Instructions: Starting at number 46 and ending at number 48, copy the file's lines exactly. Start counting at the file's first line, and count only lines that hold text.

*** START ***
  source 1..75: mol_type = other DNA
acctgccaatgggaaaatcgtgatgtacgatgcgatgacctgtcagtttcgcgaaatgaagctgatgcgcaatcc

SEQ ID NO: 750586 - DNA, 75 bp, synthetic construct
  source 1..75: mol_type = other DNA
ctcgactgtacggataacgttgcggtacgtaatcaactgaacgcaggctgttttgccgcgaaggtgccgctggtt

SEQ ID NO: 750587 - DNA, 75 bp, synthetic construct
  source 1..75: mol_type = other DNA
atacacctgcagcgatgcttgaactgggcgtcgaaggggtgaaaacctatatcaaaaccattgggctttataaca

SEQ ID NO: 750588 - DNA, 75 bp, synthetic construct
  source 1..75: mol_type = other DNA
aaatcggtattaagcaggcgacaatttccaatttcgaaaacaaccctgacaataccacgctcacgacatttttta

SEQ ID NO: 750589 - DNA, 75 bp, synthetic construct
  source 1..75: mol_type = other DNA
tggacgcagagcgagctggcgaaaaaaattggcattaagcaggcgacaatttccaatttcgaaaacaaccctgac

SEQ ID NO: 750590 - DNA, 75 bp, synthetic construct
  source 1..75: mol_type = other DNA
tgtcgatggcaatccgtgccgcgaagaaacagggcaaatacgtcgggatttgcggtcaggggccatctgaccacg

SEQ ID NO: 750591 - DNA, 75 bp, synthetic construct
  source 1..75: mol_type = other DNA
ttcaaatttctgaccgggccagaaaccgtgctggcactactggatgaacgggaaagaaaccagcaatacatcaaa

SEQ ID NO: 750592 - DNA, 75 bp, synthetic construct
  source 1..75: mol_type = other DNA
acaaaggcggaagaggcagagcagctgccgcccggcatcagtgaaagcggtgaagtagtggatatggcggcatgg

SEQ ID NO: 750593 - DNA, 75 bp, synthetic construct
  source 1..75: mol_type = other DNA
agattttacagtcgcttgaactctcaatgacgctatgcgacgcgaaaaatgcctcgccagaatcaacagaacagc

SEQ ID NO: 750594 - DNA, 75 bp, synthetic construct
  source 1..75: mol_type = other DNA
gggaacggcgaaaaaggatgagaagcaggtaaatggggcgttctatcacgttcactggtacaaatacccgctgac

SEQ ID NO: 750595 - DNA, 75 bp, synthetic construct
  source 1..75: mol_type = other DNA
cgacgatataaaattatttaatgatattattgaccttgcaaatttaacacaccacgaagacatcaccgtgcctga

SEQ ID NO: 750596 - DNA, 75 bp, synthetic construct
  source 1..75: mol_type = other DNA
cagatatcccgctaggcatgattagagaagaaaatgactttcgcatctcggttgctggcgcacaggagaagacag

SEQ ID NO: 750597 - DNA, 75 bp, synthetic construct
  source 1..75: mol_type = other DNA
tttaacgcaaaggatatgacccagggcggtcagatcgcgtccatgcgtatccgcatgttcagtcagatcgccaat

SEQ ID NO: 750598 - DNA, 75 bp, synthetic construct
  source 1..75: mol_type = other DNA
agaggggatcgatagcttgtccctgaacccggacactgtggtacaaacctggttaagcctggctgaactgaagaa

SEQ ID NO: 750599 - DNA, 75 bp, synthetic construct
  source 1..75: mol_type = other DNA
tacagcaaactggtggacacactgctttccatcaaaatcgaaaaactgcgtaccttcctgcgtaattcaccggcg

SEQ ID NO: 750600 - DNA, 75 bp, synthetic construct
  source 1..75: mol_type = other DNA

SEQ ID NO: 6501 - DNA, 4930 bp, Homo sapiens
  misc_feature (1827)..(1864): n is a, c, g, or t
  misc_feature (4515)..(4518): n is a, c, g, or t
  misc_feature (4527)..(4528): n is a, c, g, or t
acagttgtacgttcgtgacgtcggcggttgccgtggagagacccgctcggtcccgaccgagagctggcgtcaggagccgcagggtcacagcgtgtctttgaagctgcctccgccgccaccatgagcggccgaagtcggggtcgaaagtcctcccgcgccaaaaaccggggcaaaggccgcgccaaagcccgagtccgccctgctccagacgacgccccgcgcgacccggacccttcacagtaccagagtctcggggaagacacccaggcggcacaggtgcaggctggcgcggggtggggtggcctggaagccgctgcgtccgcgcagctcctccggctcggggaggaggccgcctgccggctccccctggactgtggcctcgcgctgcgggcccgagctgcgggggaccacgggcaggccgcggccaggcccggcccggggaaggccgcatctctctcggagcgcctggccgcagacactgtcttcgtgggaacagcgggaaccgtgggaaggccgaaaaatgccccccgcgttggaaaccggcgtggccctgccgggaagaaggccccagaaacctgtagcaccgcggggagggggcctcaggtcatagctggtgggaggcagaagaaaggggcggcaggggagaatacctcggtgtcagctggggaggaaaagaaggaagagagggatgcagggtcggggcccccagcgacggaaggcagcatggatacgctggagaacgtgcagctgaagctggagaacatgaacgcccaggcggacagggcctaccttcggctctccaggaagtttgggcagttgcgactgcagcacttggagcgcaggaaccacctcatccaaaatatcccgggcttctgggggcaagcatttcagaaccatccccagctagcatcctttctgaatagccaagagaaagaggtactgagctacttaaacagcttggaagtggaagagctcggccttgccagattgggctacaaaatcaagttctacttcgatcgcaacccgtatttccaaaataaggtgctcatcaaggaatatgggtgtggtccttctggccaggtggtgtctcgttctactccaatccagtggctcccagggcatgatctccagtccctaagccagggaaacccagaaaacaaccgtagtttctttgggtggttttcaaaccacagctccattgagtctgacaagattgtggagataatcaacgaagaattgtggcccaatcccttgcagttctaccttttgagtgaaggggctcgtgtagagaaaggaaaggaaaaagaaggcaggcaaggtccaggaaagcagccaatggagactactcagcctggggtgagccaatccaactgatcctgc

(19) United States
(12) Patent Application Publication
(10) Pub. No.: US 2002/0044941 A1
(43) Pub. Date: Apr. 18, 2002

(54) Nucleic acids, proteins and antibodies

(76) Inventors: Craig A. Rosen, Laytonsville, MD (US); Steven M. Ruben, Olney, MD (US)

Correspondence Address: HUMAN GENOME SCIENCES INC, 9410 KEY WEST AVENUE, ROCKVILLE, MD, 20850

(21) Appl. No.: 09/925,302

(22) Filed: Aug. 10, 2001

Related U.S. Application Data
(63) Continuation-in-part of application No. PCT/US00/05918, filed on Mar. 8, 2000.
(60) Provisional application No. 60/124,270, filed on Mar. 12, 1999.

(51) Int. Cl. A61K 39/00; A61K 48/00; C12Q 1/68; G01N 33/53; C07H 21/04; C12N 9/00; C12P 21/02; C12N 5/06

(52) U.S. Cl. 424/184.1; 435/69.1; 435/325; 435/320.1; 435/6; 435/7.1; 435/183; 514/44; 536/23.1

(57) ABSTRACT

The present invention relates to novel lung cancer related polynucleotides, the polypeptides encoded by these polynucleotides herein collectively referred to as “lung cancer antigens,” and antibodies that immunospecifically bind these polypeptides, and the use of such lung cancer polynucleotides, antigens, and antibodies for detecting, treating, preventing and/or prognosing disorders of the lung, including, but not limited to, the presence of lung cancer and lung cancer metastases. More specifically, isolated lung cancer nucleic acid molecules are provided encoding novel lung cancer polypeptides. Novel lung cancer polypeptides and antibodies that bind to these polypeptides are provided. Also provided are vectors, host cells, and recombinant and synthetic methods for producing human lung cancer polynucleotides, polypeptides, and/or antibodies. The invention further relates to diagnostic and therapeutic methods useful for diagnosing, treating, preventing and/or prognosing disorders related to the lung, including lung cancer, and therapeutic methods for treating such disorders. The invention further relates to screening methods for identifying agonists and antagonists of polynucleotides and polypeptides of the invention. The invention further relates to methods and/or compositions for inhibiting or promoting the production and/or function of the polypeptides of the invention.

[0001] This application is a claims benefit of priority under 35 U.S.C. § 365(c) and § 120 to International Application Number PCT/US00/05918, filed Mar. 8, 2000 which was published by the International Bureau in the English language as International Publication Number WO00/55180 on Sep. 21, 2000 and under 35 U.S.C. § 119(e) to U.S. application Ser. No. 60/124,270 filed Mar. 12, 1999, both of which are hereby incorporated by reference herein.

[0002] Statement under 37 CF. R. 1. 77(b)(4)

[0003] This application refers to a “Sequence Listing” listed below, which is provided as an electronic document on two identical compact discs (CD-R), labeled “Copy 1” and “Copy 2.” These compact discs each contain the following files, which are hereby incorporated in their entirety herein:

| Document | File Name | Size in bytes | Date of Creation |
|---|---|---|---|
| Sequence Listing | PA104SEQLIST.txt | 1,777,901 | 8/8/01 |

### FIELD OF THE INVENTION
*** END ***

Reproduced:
  source 1..75: mol_type = other DNA

SEQ ID NO: 6501 - DNA, 4930 bp, Homo sapiens
  misc_feature (1827)..(1864): n is a, c, g, or t